Current Treatment Options in Neurology

, Volume 15, Issue 3, pp 241–258 | Cite as

Management of Secondary Progressive Multiple Sclerosis: Prophylactic Treatment—Past, Present, and Future Aspects

  • Paulus S. RommerEmail author
  • Olaf Stüve

Opinion statement

Whereas the number of treatment options in relapsing-remitting multiple sclerosis (RRMS) is growing constantly, alternatives are rare in the case of secondary-progressive multiple sclerosis (SPMS). Besides mitoxantrone in North America and Europe, interferon beta-1b and beta-1a are approved for treatment in Europe. Glucocorticosteroids, azathioprine, intravenous immunoglobulins (IVIG) and cyclophosphamide (CYC), although not approved, are commonly utilized in SPMS. Currently monoclonal antibodies (mab), and masitinib are under examination for treatment for SPMS. Hematopoietic stem cell transplantation and immunoablative stem cell transplantation are therapies with the aim of reconstitution of the immune system. This review gives information on the different therapeutics and the trials that tested them. Pathophysiological considerations are presented in view of efficacy of the therapeutics. In addition, therapeutics that showed no efficacy in trials or with unacceptable side effects are topics of this review.


Secondary progressive multiple sclerosis Interferon beta-1b Interferon beta-1a Mitoxantrone Glucocorticosteroids Azathioprine Intravenous immunoglobulins Cyclophosphamide Masitinib Daclizumab Rituximab Linomide Treatment Prophylactic treatment Management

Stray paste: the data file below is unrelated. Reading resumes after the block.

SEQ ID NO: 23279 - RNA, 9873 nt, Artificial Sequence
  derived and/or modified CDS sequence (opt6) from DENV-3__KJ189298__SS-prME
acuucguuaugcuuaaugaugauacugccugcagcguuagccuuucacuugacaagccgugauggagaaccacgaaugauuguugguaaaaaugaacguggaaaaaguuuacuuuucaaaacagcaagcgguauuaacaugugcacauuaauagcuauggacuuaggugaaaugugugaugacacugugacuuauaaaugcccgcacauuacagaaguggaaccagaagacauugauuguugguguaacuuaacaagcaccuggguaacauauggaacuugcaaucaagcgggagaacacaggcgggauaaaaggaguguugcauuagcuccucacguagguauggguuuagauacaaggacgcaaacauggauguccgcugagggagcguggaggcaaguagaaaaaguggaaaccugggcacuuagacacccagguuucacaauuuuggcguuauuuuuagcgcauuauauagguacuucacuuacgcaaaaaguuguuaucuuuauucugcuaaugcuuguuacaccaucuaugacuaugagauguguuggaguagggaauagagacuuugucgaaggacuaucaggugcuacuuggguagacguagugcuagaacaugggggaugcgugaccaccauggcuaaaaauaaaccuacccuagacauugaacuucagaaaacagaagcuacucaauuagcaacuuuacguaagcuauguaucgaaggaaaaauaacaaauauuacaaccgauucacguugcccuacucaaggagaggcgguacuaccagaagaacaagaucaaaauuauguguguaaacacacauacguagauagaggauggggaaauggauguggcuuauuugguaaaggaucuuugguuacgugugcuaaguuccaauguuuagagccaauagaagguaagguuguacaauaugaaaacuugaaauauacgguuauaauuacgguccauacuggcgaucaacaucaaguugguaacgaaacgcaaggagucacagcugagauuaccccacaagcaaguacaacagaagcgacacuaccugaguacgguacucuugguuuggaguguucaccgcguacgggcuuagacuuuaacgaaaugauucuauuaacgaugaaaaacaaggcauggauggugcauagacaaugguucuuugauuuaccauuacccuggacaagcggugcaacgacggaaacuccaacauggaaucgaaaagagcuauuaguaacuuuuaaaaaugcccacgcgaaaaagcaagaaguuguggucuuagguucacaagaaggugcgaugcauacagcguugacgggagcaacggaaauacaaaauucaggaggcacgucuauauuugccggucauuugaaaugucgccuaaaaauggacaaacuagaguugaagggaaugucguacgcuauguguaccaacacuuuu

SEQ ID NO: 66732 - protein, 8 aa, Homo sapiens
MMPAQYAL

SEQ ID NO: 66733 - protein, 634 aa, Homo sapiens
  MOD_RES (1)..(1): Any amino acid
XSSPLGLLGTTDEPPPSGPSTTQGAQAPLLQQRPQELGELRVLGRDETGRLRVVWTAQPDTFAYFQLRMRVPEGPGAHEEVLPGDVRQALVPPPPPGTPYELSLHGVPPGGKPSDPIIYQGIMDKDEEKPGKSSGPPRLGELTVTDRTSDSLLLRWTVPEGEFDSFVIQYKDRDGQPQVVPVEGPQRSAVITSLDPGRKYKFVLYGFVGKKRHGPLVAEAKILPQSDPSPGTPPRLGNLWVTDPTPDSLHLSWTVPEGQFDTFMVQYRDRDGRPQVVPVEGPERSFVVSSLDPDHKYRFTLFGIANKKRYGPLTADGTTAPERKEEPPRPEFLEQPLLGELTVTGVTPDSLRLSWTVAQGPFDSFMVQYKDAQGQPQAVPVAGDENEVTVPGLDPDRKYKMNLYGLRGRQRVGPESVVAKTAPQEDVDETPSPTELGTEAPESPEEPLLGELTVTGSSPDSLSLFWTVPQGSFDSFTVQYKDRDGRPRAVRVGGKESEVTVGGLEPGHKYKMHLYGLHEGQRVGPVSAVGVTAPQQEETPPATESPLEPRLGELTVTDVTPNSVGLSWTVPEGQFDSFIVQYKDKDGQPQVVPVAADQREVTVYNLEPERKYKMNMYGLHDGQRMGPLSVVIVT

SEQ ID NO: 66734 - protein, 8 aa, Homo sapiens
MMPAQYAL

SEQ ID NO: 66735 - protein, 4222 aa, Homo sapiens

Conflict of Interest

Paulus S. Rommer has served as a consultant for Bayer.

Olaf Stüve has received grant support from Teva Pharmaceuticals; served as a consultant for Biogen Idec, Genzyme, Novartis, and Sanofi Aventis; had travel/accommodations expenses covered/reimbursed by Teva Pharmaceuticals; served on boards for Archives of Neurology and Therapeutic Advances in Neurological Disorders; and received fees for participation in review activities such as data monitoring boards, statistical analysis, and end point committees from Teva Pharmaceuticals.

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Copyright information

© Springer Science+Business Media New York 2013

Authors and Affiliations

  1. 1.Department of NeurologyMedical University of ViennaViennaAustria
  2. 2.Department of Neurology and NeurotherapeuticsUniversity of Texas Southwestern Medical Center at DallasDallasUSA
  3. 3.Neurology Section, VA North Texas Health Care SystemDallas VA Medical CenterDallasUSA

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